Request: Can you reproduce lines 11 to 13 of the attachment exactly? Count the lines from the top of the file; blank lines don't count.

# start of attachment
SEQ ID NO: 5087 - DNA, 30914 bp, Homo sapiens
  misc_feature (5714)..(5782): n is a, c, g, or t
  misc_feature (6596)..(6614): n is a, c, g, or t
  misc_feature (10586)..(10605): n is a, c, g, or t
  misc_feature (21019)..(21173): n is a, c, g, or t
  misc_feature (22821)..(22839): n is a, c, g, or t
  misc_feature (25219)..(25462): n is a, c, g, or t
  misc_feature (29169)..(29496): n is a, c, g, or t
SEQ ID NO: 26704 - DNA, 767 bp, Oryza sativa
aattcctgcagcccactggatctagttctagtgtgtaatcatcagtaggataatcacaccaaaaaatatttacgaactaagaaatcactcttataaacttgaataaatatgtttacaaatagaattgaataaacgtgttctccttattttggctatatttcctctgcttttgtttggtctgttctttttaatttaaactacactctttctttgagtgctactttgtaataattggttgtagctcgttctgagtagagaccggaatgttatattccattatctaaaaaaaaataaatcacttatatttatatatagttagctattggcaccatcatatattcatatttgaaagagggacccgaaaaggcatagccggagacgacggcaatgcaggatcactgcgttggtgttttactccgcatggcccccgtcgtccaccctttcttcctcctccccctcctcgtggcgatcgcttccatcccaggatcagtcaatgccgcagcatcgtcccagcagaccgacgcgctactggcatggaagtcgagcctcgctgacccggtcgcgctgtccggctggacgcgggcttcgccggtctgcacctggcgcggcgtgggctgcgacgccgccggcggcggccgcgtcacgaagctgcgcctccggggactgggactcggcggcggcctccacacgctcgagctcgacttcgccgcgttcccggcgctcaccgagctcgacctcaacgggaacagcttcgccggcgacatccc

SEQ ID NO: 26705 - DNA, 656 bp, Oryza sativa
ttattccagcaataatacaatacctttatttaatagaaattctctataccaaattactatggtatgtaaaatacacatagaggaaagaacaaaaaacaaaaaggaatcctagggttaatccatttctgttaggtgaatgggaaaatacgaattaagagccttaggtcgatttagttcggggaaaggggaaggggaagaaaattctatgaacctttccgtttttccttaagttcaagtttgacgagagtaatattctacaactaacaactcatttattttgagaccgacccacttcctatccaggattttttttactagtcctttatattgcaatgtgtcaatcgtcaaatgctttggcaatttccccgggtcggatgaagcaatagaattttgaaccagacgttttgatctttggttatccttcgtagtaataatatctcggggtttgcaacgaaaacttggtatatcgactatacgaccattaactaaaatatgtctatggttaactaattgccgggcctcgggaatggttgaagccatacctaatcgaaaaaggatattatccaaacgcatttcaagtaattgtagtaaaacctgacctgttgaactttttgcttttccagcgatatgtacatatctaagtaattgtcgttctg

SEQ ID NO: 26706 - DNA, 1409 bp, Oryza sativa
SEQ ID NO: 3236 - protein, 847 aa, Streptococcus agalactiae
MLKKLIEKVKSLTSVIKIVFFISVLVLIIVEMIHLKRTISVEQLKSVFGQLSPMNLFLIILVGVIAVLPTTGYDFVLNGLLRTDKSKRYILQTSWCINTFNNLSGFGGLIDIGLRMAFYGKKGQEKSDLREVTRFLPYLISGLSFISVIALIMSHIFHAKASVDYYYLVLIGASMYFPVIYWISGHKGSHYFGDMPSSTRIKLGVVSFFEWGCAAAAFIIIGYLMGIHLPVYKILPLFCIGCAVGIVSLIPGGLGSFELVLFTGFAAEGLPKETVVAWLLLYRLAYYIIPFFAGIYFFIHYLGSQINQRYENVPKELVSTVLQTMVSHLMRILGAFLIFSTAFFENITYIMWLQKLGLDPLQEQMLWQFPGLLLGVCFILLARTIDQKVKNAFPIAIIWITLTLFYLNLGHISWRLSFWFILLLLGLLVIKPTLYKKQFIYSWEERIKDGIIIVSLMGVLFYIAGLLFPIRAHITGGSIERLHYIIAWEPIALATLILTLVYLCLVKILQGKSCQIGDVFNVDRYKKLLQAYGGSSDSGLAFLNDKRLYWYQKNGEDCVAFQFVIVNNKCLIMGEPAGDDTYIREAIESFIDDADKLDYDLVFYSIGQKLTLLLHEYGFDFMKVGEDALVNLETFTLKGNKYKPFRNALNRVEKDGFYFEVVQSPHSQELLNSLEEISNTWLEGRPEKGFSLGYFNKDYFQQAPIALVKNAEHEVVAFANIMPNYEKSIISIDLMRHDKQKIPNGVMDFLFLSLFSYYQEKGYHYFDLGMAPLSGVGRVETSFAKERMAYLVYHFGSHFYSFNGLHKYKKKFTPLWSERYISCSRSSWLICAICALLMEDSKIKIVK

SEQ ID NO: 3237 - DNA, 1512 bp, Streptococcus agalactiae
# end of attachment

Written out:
SEQ ID NO: 26705 - DNA, 656 bp, Oryza sativa
ttattccagcaataatacaatacctttatttaatagaaattctctataccaaattactatggtatgtaaaatacacatagaggaaagaacaaaaaacaaaaaggaatcctagggttaatccatttctgttaggtgaatgggaaaatacgaattaagagccttaggtcgatttagttcggggaaaggggaaggggaagaaaattctatgaacctttccgtttttccttaagttcaagtttgacgagagtaatattctacaactaacaactcatttattttgagaccgacccacttcctatccaggattttttttactagtcctttatattgcaatgtgtcaatcgtcaaatgctttggcaatttccccgggtcggatgaagcaatagaattttgaaccagacgttttgatctttggttatccttcgtagtaataatatctcggggtttgcaacgaaaacttggtatatcgactatacgaccattaactaaaatatgtctatggttaactaattgccgggcctcgggaatggttgaagccatacctaatcgaaaaaggatattatccaaacgcatttcaagtaattgtagtaaaacctgacctgttgaactttttgcttttccagcgatatgtacatatctaagtaattgtcgttctg

SEQ ID NO: 26706 - DNA, 1409 bp, Oryza sativa